GregP

Captain
8,535
4,813
Jul 28, 2003
Chino, California, U.S.A.
By 1943, the US had hands on experience with a captured A6M and know how to defeat it.
Keep your speed up - it was almost impossible to manoeuvre an A6M when it hit 350kts - even the old F4-F Wildcat would eat it alive in a fast dive.

The A6M never went 350 kts except in a steep dive. The top speed was 565 km/h or 351 mph, not 350 knots. 350 knots is 402 mph. No A6M ever went 402 mph in level, unaccelerated flight.

Steep dives aren't dogfighting maneuvers, they are escape maneuvers. Once the controls got heavy, which was rather quickly once the nose was well down, the steep dive was not an attack maneuver because the aircraft was difficult to guide precisely when it was that fast.

And best-laid plans rarely survive initial contact. A well-flown A6M was a difficult adversary even in 1945, one-on-one. Thinking it was meat on the table was a deadly misconception right up to the end of the war. The expert Japanese pilots may well have been depleted in number, but they weren't gone. Every A6M you encountered wasn't a green newbie.
 

Macandy

Senior Airman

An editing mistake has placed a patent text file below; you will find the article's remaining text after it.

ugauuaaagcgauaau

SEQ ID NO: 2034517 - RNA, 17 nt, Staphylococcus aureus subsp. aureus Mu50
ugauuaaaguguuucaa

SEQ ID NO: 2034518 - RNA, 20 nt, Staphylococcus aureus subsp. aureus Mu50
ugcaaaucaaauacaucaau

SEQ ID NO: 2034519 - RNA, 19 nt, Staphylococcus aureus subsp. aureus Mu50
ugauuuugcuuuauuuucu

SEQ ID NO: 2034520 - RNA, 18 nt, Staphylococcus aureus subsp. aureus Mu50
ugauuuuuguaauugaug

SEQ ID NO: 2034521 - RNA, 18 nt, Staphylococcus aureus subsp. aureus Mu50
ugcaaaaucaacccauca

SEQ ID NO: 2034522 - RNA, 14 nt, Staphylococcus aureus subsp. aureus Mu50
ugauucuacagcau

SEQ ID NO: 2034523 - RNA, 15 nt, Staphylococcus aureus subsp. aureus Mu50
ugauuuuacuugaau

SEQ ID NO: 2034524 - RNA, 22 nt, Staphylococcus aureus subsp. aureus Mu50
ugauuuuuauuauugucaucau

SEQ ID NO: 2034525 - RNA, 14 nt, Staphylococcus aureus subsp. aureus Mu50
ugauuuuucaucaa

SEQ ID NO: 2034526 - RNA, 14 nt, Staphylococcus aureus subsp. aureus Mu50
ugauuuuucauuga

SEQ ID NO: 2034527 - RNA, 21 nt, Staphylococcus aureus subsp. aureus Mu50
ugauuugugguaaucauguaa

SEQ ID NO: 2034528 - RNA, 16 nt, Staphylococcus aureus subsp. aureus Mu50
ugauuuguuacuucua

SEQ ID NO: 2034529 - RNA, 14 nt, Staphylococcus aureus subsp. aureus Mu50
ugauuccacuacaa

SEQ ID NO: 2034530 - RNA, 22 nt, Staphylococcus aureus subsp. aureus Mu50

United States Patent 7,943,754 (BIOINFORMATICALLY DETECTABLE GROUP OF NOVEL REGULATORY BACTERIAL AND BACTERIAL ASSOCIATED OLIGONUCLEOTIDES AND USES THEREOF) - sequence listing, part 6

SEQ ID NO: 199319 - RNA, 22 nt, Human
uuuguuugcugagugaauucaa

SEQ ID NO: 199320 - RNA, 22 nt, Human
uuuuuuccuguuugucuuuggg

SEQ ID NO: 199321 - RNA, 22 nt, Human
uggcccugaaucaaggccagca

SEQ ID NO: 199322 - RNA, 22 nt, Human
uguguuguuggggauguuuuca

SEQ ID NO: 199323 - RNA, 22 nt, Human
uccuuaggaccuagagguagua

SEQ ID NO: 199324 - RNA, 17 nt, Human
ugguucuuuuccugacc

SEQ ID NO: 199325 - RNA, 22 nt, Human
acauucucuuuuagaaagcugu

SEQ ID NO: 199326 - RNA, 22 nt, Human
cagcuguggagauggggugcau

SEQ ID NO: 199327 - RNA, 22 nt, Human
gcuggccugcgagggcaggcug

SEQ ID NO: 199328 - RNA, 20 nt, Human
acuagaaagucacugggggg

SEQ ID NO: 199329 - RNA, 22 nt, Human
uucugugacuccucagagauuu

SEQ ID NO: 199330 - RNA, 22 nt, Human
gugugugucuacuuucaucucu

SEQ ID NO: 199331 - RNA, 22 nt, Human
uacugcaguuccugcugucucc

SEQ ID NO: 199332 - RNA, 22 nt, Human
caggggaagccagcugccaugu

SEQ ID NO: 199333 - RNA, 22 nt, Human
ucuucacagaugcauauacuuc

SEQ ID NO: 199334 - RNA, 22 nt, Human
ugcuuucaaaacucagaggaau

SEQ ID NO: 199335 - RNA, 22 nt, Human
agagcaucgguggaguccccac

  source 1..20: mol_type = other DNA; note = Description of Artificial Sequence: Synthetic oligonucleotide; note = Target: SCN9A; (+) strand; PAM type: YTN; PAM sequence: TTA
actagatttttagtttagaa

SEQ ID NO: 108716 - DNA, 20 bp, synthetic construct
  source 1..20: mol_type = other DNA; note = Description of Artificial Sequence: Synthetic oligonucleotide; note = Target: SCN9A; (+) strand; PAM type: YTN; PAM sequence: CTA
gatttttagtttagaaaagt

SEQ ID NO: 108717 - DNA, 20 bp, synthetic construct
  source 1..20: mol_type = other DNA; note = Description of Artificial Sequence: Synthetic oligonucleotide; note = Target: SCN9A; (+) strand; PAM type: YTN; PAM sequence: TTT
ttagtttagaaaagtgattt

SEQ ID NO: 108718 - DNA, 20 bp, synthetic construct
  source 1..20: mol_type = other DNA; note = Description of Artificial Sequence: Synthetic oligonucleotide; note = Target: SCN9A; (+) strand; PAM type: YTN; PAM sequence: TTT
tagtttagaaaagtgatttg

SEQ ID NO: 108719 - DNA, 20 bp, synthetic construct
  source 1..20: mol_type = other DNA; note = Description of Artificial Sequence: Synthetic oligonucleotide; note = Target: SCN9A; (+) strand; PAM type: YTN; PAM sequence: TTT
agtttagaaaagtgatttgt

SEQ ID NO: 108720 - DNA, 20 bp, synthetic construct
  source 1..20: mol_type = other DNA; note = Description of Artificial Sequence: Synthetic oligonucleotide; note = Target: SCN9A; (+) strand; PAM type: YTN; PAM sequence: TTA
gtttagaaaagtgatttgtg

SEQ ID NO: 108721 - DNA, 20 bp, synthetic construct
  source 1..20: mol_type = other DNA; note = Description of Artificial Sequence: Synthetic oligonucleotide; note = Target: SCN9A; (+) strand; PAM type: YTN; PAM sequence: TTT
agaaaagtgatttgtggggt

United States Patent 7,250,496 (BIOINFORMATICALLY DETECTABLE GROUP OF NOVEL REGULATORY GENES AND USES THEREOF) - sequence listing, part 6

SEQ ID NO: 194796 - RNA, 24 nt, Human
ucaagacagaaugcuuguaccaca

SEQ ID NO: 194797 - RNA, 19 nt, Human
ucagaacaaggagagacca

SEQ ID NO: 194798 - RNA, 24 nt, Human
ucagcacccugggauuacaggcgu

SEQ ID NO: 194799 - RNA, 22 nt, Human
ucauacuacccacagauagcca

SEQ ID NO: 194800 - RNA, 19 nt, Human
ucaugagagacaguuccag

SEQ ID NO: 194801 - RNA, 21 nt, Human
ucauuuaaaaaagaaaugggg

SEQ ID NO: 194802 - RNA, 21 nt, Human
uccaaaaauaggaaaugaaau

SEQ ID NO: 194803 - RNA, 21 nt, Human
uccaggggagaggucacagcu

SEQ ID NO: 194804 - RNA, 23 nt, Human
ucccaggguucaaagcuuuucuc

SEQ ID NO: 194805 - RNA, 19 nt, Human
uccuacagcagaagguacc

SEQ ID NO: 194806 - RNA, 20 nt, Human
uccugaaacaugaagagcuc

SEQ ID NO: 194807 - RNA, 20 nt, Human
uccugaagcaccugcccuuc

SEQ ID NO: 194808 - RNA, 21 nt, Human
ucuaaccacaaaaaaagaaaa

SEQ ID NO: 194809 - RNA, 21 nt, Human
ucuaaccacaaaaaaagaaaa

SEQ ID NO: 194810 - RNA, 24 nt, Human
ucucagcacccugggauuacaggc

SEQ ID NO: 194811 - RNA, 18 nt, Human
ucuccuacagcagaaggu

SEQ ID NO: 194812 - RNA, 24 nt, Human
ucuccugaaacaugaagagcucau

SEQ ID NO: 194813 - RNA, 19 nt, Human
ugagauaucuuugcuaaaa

360
246
Aug 6, 2017
The A6M never went 350 kts except in a steep dive. The top speed was 565 km/h or 351 mph, not 350 knots. 350 knots is 402 mph. No A6M ever went 402 mph in level, unaccelerated flight.

Which was how you killed an A6M, dive on him, force him to break and try and dive away, he died.
Once F4F pilots grasped not to turn with a Zero, it was a zero.
 

33k in the air

Staff Sergeant
806
1,095
Jan 31, 2021
Which was how you killed an A6M, dive on him, force him to break and try and dive away, he died.
Once F4F pilots grasped not to turn with a Zero, it was a zero.

I thought it was more of a case of diving on the target, make a firing pass, then use the energy gained in the dive to zoom climb back up to regain your altitude advantage. Repeat as necessary until the target is shot down or you decide to disengage.
 

Macandy

Senior Airman
360
246
Aug 6, 2017
Some things are easier said than done.


The A6M pilot had an instinctive desire to turn into the fight, but he can't - he has to try and get away from the faster plane - and then his crappy controls lock up

Turning into the fight was not an option for an A6M pilot of the other guy kept his speed up.
 

MIflyer

1st Sergeant
4,514
6,843
May 30, 2011
Cape Canaveral
The performance margin the P-38 enjoyed over Japanese aircraft was much greater than over German aircraft. The pre-J model P-38 did not have much if any of a performance advantage with the BF-109G above 30,000 ft. In contrast, compared to the Zeke and Oscar, any P-38 model was in a whole other league. In its first combat engagement in the Pacific an F-4 had one engine shot out but still managed to escape its Japanese attacker. And yes, despite what the editor at Aviation History Magazine told me, if you have taken battle damage, you've been in combat even if you are not carrying any guns.